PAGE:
Julie Giese [pronounced Gee-See] is the only female president of a NASCAR racetrack. In our series Taking the Wheel, we’ll discuss how this NASCAR marketing and communications veteran will continue to drive change for the traditionally male industry at ISM Raceway.
At International Speedway Corporation, a corporation that manages NASCAR race tracks, Julie Giese is no stranger to responsibility – for 17 years she’s been a leader within the company and working closely with many of the tracks. But she has a new role, as the President of the newly-renovated ISM Raceway, due to open on November 9th. She is not the FIRST female president. That title has already been taken by Gillian Zucker, former president of LA’s Auto Club Speedway and now the president of business operations for the Los Angeles Clippers. But Giese is the ONLY female president at the moment.
Julie brings to ISM Raceway an impressive background in marketing racetracks, having grown up in the industry through PR and communications with a degree in Agriculture Marketing Communications from the University of Wisconsin – River Falls.
As she takes the wheel in her new role at ISM Raceway, Julie is focused on creating the ultimate fan experience, expanding the venue’s live events portfolio outside of the traditional and into the world of non-racing events like Zoomtown Lights, a holiday light show scheduled to debut at the raceway December 1 – 31st.
Julie is friendly, professional and straight to the point during her interview taking the time to answer all questions completely and without hesitation. She is an advocate for working hard to build a reputation — regardless of gender — and she continues to hold Florida-based nonprofit, Project WARM — Women Assisting Recovering Mothers, close to her heart.
Here is an inside look into what we can expect from this newly appointed leader.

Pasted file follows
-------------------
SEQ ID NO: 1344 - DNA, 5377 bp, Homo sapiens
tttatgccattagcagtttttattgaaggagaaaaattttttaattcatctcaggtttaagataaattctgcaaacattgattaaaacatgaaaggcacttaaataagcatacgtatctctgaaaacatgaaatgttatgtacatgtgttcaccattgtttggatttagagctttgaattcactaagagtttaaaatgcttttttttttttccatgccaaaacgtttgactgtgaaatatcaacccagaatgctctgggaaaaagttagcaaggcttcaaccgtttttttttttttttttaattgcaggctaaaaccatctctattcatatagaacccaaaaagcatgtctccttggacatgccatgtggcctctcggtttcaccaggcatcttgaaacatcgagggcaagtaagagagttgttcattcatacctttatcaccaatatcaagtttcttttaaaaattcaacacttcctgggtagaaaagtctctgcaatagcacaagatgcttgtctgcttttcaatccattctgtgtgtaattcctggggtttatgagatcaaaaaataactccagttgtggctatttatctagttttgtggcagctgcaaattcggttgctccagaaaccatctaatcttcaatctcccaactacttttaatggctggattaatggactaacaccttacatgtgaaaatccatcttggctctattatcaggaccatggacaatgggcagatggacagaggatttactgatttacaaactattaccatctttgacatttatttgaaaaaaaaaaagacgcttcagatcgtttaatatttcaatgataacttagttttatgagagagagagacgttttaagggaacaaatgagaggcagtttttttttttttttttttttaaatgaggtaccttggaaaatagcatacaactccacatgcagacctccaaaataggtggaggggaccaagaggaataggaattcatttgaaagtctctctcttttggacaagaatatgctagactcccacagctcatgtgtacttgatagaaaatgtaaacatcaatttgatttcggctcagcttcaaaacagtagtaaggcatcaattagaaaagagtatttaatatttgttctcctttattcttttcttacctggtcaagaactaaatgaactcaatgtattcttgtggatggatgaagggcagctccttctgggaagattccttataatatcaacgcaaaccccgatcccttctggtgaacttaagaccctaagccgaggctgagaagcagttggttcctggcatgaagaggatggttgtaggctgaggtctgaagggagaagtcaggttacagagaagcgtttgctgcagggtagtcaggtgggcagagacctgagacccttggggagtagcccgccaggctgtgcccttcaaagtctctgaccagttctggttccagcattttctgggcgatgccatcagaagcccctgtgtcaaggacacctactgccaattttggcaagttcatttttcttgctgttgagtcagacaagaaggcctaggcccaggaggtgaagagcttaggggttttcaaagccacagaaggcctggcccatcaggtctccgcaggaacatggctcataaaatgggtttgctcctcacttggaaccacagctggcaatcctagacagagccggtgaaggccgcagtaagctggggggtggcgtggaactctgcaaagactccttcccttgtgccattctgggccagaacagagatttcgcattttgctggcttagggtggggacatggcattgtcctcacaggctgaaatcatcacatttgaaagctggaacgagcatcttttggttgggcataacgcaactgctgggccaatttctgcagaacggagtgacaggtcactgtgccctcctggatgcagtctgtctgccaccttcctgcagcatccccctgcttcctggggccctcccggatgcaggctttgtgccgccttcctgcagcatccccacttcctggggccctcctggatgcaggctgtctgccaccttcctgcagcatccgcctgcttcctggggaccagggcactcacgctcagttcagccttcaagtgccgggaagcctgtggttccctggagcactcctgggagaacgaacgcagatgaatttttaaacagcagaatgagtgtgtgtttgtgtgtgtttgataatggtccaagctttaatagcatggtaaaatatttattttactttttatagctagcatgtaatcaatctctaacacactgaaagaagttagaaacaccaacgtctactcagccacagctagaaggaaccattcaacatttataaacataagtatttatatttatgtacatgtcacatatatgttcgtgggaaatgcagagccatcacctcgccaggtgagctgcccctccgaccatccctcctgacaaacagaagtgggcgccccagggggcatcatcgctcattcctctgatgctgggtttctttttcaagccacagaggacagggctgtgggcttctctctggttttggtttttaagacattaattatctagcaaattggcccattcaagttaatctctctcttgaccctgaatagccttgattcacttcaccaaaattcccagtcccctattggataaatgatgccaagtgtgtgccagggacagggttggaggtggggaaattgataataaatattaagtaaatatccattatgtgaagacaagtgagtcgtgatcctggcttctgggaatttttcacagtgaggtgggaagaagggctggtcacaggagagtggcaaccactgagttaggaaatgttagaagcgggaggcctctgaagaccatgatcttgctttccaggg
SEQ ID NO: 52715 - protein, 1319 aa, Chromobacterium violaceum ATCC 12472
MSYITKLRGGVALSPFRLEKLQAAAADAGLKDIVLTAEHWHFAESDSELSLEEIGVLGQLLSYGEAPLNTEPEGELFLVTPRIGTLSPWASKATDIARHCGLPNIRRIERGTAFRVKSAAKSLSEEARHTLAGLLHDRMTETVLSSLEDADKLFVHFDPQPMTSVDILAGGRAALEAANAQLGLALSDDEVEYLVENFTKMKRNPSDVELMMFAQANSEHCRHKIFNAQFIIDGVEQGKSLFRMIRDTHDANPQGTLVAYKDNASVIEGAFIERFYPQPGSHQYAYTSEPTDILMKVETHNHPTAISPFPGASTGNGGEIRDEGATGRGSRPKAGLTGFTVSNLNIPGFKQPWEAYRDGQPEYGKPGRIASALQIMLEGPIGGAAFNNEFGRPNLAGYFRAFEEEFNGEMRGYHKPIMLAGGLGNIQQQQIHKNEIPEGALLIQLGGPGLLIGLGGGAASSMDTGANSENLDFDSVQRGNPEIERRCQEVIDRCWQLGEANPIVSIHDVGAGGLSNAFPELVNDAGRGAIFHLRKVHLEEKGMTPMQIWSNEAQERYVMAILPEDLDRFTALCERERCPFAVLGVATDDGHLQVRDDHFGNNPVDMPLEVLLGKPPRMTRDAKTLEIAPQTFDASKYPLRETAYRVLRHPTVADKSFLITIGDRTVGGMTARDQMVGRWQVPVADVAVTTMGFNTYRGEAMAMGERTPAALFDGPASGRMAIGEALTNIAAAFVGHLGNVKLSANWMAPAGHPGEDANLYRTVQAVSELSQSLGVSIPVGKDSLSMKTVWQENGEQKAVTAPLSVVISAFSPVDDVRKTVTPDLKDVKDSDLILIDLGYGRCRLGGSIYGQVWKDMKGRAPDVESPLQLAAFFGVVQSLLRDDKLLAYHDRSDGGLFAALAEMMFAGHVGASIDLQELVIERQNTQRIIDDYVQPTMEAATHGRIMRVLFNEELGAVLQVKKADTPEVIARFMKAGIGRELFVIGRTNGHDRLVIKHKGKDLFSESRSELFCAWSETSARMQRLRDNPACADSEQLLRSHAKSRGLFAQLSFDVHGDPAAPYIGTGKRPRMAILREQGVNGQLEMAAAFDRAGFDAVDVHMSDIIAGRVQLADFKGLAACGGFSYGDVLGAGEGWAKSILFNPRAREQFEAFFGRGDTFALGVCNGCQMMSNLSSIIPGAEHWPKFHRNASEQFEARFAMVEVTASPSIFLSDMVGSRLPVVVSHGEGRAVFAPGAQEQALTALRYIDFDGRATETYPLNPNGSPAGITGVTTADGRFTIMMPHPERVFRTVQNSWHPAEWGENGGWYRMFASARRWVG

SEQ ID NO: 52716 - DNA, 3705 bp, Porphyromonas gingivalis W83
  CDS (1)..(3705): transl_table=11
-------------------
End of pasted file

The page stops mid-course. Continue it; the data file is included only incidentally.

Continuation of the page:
ISM: After a career of executing successful marquee events in auto racing, why ISM Raceway?
Giese: I spent the majority of my time at Daytona working on Daytona Rising, and more recently working to lead many of the capital improvement projects of other track properties over the past two years. The ISM Raceway project powered by DC Solar was the first project I was asked to lead in this role so I possess a lot of in depth knowledge of the property around the redevelopment. For me it was a very natural transition. I know the property, I know the staff, how they want to work and what we want to do. It was a little bit of a perfect storm, honestly, to have this opportunity presented. It’s the right next step for me.
ISM: How has your background in PR and marketing set you up to succeed?
Giese: First and foremost we are promoters and need to sell tickets. My experiences starting in the PR and moving into the oversight of all marketing aspects for Daytona International Speedway certainly prepared me, but I want to take ISM Raceway to the next level.
We want to expand the portfolio of events outside of just races. A NASCAR fan may not be a Supercross fan, but if you can get a fan out to the new facility, they are going to want to learn more, and hopefully we can convert them into repeat visitors.
ISM: How does it feel to be the only female president of a race track right now?
Giese: Honestly, it’s not something that I was always thinking about, but I also understand the importance and i’m proud to wear that hat. If I’m able to inspire other women who want to grow and have leadership roles, I think that’s great.